In that situation, the question writer should make a note that the smaller subset (in this case, sympatric speciation) should be acceptable up to a certain point. If a player answers with the small subset early enough for it to be correct and is counted incorrect, then it is definitely grounds for protest. Even so, if the answer was not a specific form of speciaiton, I would probably accept any specific form of speciaiton anywhere in the question.

Another possibility: suppose that, during a tossup on the character Huck Finn, a player buzzes in with "The Adventures of Huckleberry Finn" before it specifically asks for the character. The pronoun "he" rather than "it" has been used a few times. Would you count it correct or not?
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Re: Changes to NAQT's Official Rules

Post by quizbowllee »

AndyShootsAndyScores wrote: Another possibility: suppose that, during a tossup on the character Huck Finn, a player buzzes in with "The Adventures of Huckleberry Finn" before it specifically asks for the character. The pronoun "he" rather than "it" has been used a few times. Would you count it correct or not?
"He" definitely identifies the character. However, the character's name is in the title. At the very least, it should be correct as a blitz (but with only one piece of information).

However, if the question was about the character of Huck Finn and the tossup was describing his involvement in the plot of The Adventures of Tom Sawyer, and the pronoun "he" has been used to identify the answer - then answering with "The Adventures of Huckleberry Finn" should be incorrect, even if "Huckleberry Finn" is the answer.

I think...

I just gave myself a migraine.
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Re: Changes to NAQT's Official Rules

Post by Gautam »

AndyShootsAndyScores wrote: Another possibility: suppose that, during a tossup on the character Huck Finn, a player buzzes in with "The Adventures of Huckleberry Finn" before it specifically asks for the character. The pronoun "he" rather than "it" has been used a few times. Would you count it correct or not?
A bad tossup was written and unfortunately it was also read to you. Hope you have a mod. with some common sense. If "IT'S NOT ON THE PAPER" is advanced by moderator, protest or something.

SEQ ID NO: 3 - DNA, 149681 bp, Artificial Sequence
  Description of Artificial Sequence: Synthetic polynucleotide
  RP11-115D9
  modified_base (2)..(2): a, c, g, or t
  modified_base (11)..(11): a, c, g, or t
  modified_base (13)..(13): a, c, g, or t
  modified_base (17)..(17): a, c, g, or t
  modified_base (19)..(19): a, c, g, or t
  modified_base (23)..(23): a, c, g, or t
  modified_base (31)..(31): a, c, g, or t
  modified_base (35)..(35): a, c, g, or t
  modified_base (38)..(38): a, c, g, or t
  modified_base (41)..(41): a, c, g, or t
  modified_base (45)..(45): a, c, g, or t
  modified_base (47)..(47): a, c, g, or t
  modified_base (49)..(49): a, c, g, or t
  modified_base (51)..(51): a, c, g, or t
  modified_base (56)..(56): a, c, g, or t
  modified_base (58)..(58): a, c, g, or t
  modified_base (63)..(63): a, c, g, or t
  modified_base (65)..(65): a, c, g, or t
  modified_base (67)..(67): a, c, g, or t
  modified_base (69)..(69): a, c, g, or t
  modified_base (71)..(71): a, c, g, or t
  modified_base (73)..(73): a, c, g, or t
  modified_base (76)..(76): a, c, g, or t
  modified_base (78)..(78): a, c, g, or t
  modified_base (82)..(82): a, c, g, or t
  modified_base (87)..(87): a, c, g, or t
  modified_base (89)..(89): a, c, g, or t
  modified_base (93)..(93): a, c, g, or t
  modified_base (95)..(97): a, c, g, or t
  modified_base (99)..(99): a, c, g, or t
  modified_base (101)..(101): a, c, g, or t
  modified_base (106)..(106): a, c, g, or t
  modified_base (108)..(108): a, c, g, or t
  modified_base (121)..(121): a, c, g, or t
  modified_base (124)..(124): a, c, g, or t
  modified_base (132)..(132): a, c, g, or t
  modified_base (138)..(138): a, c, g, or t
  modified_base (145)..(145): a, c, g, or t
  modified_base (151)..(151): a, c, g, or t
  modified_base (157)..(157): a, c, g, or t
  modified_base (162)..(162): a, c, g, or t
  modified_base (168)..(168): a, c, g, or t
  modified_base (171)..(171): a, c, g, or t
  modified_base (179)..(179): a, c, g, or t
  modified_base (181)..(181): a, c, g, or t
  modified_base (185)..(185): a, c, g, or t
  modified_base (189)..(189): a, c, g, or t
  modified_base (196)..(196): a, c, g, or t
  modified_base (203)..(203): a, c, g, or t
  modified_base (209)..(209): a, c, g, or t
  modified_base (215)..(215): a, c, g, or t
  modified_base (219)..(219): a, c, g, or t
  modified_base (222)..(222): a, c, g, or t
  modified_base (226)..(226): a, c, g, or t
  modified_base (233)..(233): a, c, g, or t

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Re: Changes to NAQT's Official Rules

Post by AndyShootsAndyScores »

gkandlikar wrote:
AndyShootsAndyScores wrote: Another possibility: suppose that, during a tossup on the character Huck Finn, a player buzzes in with "The Adventures of Huckleberry Finn" before it specifically asks for the character. The pronoun "he" rather than "it" has been used a few times. Would you count it correct or not?
A bad tossup was written and unfortunately it was also read to you. Hope you have a mod. with some common sense. If "IT'S NOT ON THE PAPER" is advanced by moderator, protest or something.
It was actually in an NAQT IS, but I'll get the exact text of the tossup to clarify things. It occured in practice and, while I protested that I was right, my teammates were not sympathetic.
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Re: Changes to NAQT's Official Rules

Post by rhentzel »

AndyShootsAndyScores wrote:
gkandlikar wrote:
AndyShootsAndyScores wrote: Another possibility: suppose that, during a tossup on the character Huck Finn, a player buzzes in with "The Adventures of Huckleberry Finn" before it specifically asks for the character. The pronoun "he" rather than "it" has been used a few times. Would you count it correct or not?
A bad tossup was written and unfortunately it was also read to you. Hope you have a mod. with some common sense. If "IT'S NOT ON THE PAPER" is advanced by moderator, protest or something.
It was actually in an NAQT IS, but I'll get the exact text of the tossup to clarify things. It occurred in practice and, while I protested that I was right, my teammates were not sympathetic.
I might be missing something, but I don't immediately see why the tossup is called "bad" given this description. It's about the character Huckleberry Finn and it uses the pronoun "he" (and not the pronoun "it"), which, by the so-called "Pronoun Rule," means that the answer being sought is a person/character. A player who buzzes with the name of a book has not been paying close attention.

I'm sympathetic to the idea that "The Adventures of Huckleberry Finn" should be acceptable, at least in some contexts, but I don't see what part of that makes the question bad.
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Re: Changes to NAQT's Official Rules

Post by Gautam »

You are correct. I completely read that the opposite way (that the tossup was on the book and implying it was a character was said a few times.)

Also, I should probably clarify that one can listen to the first pronoun (he/she/it/them) and be reasonably sure that the answer is going to fit the pronoun. If it does not, then the phrasing of the question is bad. That is what I meant to say in my previous post.

EDIT: emphasis
Last edited by Gautam on Mon Sep 08, 2008 6:27 pm, edited 1 time in total.